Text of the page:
Case update

Update: I just happened upon this excellent article on the geographic distribution of NYC summons charges. The author describes the use of “disorderly conduct charges …  as a kind of policing panacea — a catch-all charge officers can use against behavior they don’t like.” That’s something we’ve seen too — and when it’s so difficult to have charges dismissed in a timely manner, it’s no wonder that the NYPD isn’t pushed to act lawfully.

Many of you know that I was in Manhattan Criminal Court on Monday and Tuesday. I had been hoping to post an update immediately afterwards with good news, but unfortunately, that didn’t prove to be the case.

On the other hand, it’s not bad news per se. In a nutshell, the only thing that happened was that the courts kicked my two cases down the road a month. Somewhat of a letdown when you’re thinking in terms of right, wrong, and resolution, huh?

In more detail, the situation is this. I’ve been offered an Adjournment in Contemplation of Dismissal, or for the initiated, an ACD. That’s an agreement in which the charges are dropped after six months with no admission of guilt, provided that you don’t rob any banks in the meantime.

Now, the Powers that Be would very much like for me to take an ACD. It wouldn’t be the worst thing in the world to do so: I would still be able to sue over the arrests, and the arrest charges would be sealed. However, I’m a stickler for, y’know, not accepting things involving ‘adjournment’ or ‘contemplation’ when I’ve been arrested for something that is, last time we all checked, specifically okayed by the MTA Rules of Conduct.

Once you’ve turned down the ACD, though, it turns out to be awfully hard to actually get a trial. The prosecution now has a thirty day period to prepare its case for trial, meaning that I’ve been given new appearance dates on October 7th and 8th. In the meantime, various things will be happening that could suspend or set back that thirty day period. (Side note: why the prosecution did not start preparing its case after I turned down the ACD the first time on June 18th is beyond me.)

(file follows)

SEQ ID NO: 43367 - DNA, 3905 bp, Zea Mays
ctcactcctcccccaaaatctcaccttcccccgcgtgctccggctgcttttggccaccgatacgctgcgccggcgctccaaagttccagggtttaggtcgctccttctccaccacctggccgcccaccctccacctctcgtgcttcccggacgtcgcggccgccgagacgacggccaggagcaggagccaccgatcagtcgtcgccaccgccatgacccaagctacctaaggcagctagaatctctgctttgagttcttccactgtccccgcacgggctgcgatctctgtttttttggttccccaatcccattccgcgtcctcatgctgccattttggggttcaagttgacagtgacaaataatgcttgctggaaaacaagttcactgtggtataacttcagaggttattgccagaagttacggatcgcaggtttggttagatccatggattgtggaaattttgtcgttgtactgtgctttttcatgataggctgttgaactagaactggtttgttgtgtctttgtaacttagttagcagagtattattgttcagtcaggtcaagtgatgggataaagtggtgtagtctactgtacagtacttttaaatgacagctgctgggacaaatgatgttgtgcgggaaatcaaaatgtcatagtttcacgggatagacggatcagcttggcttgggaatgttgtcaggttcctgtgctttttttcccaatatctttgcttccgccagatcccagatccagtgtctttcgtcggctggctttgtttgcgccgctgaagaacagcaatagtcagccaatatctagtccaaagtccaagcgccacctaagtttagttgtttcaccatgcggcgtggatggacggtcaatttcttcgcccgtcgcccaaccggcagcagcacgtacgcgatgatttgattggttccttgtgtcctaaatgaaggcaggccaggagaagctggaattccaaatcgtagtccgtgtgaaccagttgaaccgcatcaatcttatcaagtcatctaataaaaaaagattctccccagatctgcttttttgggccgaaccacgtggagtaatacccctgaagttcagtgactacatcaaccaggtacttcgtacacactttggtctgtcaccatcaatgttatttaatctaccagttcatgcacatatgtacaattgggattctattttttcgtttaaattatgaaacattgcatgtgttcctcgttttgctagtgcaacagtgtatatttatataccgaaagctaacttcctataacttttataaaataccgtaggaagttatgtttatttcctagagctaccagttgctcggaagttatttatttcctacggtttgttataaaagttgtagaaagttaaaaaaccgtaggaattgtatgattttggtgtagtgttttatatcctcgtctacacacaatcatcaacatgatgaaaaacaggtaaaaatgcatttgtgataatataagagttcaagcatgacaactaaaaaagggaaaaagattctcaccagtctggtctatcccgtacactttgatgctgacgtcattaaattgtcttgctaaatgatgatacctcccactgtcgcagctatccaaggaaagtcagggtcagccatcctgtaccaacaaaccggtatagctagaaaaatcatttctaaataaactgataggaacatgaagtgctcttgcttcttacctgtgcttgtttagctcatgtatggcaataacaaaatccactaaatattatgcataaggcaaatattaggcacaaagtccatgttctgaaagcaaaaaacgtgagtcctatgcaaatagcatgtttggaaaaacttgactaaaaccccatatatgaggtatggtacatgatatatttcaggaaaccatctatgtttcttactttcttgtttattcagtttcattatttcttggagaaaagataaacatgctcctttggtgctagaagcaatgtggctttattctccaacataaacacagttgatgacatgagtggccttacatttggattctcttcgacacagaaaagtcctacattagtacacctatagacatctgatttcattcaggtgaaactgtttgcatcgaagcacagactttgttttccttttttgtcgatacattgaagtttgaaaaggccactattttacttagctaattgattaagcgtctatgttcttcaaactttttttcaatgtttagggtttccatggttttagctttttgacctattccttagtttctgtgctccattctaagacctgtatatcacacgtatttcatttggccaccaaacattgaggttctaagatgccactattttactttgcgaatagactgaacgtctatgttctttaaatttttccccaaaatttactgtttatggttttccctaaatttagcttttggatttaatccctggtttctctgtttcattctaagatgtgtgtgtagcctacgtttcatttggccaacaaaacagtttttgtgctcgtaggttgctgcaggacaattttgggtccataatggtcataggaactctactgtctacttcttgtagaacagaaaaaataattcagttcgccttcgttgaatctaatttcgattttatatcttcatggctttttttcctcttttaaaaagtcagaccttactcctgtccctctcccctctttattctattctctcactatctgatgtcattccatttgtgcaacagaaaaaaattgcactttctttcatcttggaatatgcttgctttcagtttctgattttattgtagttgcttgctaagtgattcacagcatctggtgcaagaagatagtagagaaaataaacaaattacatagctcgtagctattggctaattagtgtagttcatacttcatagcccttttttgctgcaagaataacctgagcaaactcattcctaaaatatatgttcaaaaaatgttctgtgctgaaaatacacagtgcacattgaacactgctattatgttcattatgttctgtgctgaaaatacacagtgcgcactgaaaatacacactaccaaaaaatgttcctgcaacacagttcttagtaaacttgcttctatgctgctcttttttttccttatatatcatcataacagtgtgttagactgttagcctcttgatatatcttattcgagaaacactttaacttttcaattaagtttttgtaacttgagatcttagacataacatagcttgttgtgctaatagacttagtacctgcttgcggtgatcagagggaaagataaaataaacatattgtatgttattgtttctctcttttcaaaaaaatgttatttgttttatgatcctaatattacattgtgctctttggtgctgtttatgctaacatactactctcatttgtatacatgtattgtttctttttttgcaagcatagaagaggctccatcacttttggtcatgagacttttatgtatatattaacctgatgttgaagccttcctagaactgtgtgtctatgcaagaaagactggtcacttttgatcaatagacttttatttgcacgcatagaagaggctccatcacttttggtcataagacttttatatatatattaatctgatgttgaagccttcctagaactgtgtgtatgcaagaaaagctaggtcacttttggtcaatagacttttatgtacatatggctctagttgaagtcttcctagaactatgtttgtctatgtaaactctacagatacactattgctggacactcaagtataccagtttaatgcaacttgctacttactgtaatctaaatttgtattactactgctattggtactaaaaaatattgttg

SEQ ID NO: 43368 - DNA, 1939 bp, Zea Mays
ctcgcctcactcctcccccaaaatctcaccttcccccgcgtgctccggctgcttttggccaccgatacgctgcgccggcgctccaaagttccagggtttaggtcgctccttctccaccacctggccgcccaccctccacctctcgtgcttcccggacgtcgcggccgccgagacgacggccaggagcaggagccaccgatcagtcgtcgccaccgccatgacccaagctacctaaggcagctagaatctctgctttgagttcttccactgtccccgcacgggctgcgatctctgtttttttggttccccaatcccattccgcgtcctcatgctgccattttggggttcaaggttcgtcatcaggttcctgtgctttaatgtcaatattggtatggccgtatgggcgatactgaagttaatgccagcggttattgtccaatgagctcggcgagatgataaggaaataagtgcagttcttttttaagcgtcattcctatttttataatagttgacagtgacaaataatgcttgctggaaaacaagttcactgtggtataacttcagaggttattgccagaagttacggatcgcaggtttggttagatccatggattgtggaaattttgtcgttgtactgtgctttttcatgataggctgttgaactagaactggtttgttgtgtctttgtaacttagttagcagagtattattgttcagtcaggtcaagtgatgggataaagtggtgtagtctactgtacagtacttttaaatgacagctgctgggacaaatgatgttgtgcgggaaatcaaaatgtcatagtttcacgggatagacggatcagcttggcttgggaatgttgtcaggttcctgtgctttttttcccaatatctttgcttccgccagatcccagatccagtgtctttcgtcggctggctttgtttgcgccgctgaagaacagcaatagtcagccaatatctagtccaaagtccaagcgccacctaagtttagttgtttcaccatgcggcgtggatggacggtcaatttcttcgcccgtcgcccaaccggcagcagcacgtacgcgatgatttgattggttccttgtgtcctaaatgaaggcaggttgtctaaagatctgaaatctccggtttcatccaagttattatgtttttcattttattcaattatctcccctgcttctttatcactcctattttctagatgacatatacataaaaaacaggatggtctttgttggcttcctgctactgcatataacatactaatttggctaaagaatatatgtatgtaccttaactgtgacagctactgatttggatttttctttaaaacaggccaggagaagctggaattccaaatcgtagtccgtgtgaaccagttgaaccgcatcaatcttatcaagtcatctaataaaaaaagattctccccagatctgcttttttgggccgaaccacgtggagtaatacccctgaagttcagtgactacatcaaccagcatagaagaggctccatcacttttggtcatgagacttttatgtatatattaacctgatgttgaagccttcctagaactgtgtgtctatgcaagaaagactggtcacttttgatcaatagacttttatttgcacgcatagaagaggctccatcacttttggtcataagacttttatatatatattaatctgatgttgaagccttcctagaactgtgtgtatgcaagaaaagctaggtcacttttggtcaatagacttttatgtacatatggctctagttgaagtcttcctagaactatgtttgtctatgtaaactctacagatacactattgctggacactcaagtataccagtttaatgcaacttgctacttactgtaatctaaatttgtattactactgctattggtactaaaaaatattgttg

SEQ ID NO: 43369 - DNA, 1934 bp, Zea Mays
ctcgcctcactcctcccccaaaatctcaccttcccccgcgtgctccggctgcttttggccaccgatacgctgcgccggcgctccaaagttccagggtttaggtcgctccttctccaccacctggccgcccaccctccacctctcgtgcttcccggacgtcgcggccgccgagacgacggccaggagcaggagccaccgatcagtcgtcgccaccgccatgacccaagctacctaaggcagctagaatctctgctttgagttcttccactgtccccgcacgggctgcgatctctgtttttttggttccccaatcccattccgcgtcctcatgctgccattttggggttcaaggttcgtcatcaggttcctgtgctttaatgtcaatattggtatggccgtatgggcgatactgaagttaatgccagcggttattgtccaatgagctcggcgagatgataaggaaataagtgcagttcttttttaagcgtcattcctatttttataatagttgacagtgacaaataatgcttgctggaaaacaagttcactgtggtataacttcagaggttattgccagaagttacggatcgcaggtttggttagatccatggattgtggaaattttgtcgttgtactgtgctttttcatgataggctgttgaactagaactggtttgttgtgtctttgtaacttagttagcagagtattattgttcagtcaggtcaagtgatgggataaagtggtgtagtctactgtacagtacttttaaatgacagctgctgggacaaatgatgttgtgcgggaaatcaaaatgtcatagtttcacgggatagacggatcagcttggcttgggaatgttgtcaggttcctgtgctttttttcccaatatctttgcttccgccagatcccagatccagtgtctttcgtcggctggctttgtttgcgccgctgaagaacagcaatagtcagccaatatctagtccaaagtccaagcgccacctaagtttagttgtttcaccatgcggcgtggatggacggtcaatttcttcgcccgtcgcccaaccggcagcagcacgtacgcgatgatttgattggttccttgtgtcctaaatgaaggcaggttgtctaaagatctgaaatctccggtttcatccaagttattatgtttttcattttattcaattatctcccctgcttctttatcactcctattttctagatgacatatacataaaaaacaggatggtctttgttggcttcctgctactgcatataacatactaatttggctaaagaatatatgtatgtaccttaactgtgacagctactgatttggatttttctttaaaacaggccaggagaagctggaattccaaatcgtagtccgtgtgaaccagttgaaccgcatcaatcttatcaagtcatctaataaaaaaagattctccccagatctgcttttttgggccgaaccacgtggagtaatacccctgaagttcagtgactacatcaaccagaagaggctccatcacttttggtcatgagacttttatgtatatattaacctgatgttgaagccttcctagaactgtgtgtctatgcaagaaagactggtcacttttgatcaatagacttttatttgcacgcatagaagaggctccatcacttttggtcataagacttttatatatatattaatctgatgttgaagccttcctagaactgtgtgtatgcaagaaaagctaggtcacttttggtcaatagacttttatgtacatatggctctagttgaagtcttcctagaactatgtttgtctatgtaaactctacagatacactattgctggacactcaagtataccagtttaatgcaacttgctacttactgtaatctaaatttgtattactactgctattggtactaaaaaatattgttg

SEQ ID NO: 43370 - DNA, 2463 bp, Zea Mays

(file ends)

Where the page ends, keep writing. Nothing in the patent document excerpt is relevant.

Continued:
All of the delays mean that ultimately, I’m likely to show up and be offered another adjournment – and if that adjournment date is after October 14th, I will already have left on my Fulbright grant to Senegal. So if the case is adjourned again, I’ll be forced to take the ACD and waive my right to a trial.

I imagine it’s clear why this was something of a disappointment. I earnestly don’t think it should be so naive to envision having a trial date within four months of an arrest.

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Case closed: disorderly traffic summons

This is the first post in our case database. Hoping it grows, to give performers more information about dealing with legal threats in the future.

We had some good news in court today — not for me, but for a friend. She had been issued a pink summons for playing the guitar and singing at 53rd St. Once again, the charge didn’t fit the crime artistic performance: she was facing §240.20, ‘Disorderly Conduct.’ The statute reads:

A person is guilty of disorderly conduct when, with intent to cause public inconvenience, annoyance or alarm, or recklessly creating a risk thereof:
[…]
5. He obstructs vehicular or pedestrian traffic.

Of course, it could have been worse: she could have been charged with section 7, “[creating] a hazardous or physically offensive condition by any act which serves no legitimate purpose.” These laws are so hurtful!

On a more serious note, she went in for her court date and reports having had the charges immediately dropped. So that’s a victory for sanity, for music, and for culture. Cheers, all!